Setting up a copy camera

May 04, 2017

Even though scanning prints on a flatbed scanner is fast and easy, a little extra attention to detail can save a lot of post-processing work. One of the most important things is to make sure that the scanner glass stays streak free and clean for every print.

My old Epson 4990 flatbed produces high quality scans, but it often sits idle for months, during which time a haze builds up on the underside of the glass from the outgassing of the internal plastics. I don't want this haze in my scans, so before each session, I carefully lift up the top assembly and clean the underside of the glass with streak-free glass cleaner and a microfiber cloth. I do this so often that I don't even bother putting back the screws to secure the lid to the base.

On the top of the glass, even a gloved hand can leave a nasty smudge, so I wipe that clean before laying down every print.

This process works great for images up to about 9x12 inches, but for larger prints, I use a camera and copy stand.

data-caption="Leveling the camera. This old copy stand is sitting on top of a rolling file cabinet. The pole and camera mount can be removed for easy storage. Gear that can be easily disassembled is helpful in a small space.

Leveling the copy stand.

My copy camera stand doesn't have lights, so I use swivel-arm lamps at a 45-degree angle on either side of it. I keep the lights far enough away to allow for a 1/15 - 1/30 second exposure to avoid any horizontal banding from the LED lights that I use. (I first noticed this banding with my Iphone.)  I set the camera on manual and measure the light with an incident meter.

I use a 55mm f/3.5 Nikon macro lens on my D610, stopped down to f/8 or f/11. The 55mm has a recessed front element which reduces flare from the lights, and the focal length allows me to fill the frame without raising the camera too high. Black paper extends the lamp hoods and reduces the amount of light bouncing back from the ceiling and walls. I wear dark colored clothing and use a cable release to keep any reflections from my hand or clothing away from the print.

A level verifies that the camera and baseboard are parallel. I set the camera for ISO 100, meter the light and set the white balance with a white card. The images are sorted to minimize column height adjustments while I work through the stack. I use back-button focusing on every image and change the lens opening according to the brightness of the images. I quickly check each image's histogram to make sure there is no clipping of the highlights or shadows. The camera outputs both NEF and JPEG files.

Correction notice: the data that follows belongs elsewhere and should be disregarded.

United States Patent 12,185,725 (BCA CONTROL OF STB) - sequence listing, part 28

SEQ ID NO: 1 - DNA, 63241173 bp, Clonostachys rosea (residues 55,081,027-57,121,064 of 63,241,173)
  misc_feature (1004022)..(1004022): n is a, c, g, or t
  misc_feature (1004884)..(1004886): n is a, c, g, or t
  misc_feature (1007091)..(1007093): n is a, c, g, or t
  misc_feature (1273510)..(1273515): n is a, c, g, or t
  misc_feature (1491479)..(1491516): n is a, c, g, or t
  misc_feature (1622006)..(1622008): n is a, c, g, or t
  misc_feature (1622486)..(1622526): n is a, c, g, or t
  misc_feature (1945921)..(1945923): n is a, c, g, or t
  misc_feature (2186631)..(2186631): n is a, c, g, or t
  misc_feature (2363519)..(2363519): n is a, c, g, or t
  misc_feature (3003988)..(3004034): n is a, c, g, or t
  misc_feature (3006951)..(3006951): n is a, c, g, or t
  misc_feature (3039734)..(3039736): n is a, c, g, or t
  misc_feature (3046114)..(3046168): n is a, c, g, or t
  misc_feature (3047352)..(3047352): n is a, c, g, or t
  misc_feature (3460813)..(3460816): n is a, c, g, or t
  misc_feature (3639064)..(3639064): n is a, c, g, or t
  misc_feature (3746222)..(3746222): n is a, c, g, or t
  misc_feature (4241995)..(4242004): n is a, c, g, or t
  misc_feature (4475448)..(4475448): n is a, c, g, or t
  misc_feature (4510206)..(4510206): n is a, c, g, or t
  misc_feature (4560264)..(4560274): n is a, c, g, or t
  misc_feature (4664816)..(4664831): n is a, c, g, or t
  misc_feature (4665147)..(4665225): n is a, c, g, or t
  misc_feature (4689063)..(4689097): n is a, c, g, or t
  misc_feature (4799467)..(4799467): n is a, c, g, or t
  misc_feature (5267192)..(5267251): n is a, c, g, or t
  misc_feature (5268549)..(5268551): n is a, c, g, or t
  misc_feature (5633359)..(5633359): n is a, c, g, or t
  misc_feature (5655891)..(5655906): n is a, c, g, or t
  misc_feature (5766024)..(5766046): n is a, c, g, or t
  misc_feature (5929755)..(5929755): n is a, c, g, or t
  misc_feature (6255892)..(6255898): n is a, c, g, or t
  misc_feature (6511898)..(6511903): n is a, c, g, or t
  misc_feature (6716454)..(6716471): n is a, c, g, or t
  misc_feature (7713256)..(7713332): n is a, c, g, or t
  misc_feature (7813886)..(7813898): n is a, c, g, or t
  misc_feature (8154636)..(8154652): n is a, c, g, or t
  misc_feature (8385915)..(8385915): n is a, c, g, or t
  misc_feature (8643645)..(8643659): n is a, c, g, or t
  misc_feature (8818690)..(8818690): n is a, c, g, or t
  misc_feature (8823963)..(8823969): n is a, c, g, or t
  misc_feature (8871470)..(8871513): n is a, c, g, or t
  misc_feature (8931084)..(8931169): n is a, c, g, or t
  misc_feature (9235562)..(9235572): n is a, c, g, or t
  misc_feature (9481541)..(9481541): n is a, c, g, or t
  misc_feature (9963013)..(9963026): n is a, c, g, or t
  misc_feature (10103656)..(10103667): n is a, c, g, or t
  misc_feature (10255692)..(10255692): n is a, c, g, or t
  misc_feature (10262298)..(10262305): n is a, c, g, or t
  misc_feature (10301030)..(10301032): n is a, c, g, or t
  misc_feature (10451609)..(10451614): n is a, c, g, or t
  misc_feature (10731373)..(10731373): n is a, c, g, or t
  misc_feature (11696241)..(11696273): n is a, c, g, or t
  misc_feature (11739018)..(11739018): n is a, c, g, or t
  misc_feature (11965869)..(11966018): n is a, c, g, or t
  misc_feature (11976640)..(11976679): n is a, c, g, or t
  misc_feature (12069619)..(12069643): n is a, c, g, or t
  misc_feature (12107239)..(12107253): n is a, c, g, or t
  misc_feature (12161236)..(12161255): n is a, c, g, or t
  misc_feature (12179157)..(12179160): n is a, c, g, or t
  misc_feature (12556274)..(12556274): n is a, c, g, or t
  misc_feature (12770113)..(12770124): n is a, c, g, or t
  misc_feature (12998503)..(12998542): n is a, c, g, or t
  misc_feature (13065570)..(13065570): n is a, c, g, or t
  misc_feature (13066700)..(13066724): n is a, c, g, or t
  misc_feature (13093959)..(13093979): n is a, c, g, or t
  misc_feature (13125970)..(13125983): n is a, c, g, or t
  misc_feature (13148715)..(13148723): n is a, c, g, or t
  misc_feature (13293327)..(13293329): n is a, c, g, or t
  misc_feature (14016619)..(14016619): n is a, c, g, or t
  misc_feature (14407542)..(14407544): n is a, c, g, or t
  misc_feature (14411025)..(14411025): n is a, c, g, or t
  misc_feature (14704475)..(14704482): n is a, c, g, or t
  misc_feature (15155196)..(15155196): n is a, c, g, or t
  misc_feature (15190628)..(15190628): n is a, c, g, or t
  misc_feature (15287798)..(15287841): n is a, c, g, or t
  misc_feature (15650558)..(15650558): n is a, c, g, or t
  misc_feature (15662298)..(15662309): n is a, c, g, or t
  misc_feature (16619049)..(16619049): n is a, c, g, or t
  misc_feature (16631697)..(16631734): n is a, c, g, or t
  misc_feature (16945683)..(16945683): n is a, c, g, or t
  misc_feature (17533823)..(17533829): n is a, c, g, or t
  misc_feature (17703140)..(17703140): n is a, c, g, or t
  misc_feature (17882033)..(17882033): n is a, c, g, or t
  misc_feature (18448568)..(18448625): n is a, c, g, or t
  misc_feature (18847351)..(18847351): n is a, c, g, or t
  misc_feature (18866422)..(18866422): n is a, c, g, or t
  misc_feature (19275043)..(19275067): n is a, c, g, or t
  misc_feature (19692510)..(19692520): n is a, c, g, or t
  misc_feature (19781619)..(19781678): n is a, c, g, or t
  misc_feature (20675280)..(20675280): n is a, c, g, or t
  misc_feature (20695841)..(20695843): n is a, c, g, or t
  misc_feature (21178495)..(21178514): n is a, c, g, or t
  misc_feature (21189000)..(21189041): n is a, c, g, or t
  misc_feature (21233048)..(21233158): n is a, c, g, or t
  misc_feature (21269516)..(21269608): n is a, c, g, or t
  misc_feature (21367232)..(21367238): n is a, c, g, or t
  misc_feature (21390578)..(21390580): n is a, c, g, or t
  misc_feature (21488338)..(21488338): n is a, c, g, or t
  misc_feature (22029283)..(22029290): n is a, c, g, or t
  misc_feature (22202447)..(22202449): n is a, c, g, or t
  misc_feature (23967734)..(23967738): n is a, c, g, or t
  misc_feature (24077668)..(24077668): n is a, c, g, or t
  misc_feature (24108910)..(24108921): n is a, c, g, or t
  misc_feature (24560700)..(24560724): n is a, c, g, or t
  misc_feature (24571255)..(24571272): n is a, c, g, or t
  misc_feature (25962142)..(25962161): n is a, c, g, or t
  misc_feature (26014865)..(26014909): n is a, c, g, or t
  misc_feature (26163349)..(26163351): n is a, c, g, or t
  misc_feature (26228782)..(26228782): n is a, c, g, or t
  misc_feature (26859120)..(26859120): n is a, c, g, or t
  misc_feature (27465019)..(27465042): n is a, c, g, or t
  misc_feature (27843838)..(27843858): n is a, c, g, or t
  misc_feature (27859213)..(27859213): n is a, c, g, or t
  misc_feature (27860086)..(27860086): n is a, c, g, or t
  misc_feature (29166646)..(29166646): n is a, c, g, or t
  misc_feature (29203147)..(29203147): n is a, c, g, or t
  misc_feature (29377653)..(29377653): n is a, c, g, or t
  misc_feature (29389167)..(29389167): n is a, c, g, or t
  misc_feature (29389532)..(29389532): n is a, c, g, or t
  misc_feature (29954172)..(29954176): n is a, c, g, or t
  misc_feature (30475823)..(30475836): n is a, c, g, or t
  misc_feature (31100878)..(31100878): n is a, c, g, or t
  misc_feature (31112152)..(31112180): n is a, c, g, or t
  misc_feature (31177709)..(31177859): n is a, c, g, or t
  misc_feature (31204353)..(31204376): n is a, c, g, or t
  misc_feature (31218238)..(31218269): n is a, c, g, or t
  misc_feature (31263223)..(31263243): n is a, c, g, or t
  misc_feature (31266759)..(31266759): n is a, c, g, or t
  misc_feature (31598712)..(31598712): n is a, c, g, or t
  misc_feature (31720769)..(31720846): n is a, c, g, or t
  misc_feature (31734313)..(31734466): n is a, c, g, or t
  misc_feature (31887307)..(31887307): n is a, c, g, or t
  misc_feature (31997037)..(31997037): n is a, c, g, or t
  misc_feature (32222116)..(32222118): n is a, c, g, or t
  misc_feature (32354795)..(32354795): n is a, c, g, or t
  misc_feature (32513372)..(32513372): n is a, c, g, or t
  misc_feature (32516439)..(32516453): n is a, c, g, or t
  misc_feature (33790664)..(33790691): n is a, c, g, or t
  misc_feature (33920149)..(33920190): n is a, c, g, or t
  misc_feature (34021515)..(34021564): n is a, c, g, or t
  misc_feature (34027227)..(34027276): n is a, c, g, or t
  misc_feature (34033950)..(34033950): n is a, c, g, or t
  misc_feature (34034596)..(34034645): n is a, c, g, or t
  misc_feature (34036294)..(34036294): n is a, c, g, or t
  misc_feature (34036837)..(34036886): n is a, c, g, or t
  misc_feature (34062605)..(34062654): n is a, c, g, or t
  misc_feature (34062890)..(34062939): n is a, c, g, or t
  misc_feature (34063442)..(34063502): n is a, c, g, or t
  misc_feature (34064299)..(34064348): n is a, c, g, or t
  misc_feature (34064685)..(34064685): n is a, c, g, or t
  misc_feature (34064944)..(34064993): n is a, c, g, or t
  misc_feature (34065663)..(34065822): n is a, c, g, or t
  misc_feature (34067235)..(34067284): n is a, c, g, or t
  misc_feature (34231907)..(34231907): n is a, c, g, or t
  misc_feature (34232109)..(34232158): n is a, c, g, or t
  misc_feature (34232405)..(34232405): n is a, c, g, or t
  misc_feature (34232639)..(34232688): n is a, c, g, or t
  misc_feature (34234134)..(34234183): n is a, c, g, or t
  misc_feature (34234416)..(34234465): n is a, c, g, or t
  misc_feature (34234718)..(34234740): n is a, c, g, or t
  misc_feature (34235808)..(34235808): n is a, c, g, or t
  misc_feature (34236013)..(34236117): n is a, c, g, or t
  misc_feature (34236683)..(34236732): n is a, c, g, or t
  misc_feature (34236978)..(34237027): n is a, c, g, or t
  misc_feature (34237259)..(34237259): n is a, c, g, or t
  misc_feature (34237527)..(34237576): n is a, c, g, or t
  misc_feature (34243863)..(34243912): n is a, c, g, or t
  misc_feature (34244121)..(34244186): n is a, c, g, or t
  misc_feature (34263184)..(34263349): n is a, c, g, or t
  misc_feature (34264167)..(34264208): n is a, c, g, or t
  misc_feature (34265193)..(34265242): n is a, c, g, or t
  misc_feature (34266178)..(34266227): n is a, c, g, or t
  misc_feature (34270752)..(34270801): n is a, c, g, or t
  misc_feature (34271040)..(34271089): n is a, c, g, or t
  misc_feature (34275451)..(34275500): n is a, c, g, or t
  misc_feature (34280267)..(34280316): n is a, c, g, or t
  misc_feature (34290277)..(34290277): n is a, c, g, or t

A metal base can be useful for holding down wide-bordered prints with small magnets. Low-tack tape is also an option. RC prints will usually lay flat on their own. A self healing mat with a grid also makes a good base, and the grid can help verify camera alignment through the viewfinder. Placing a sheet of glass over the image is an option, but there is always a chance that Newton's rings will ruin your copy work.

I used a computer side panel under the print to both raise the image a bit and to allow the magnets to hold down the print edges. Keeping dust off the print is important.

I used the removable side panel from my computer so I could hold down the edges of the print with magnets. A microfiber duster removes dust from the print. Notice the room reflections on the surface of the print. It's important to eliminate these. A cable release also helps keep reflections of your hands, arms, and clothing away from the print.

A cable release will keep you from shaking the camera and will also keep reflections from your hand away from the image.


With this easy and economical setup, I was able to copy about 90 prints in just under a couple of hours.

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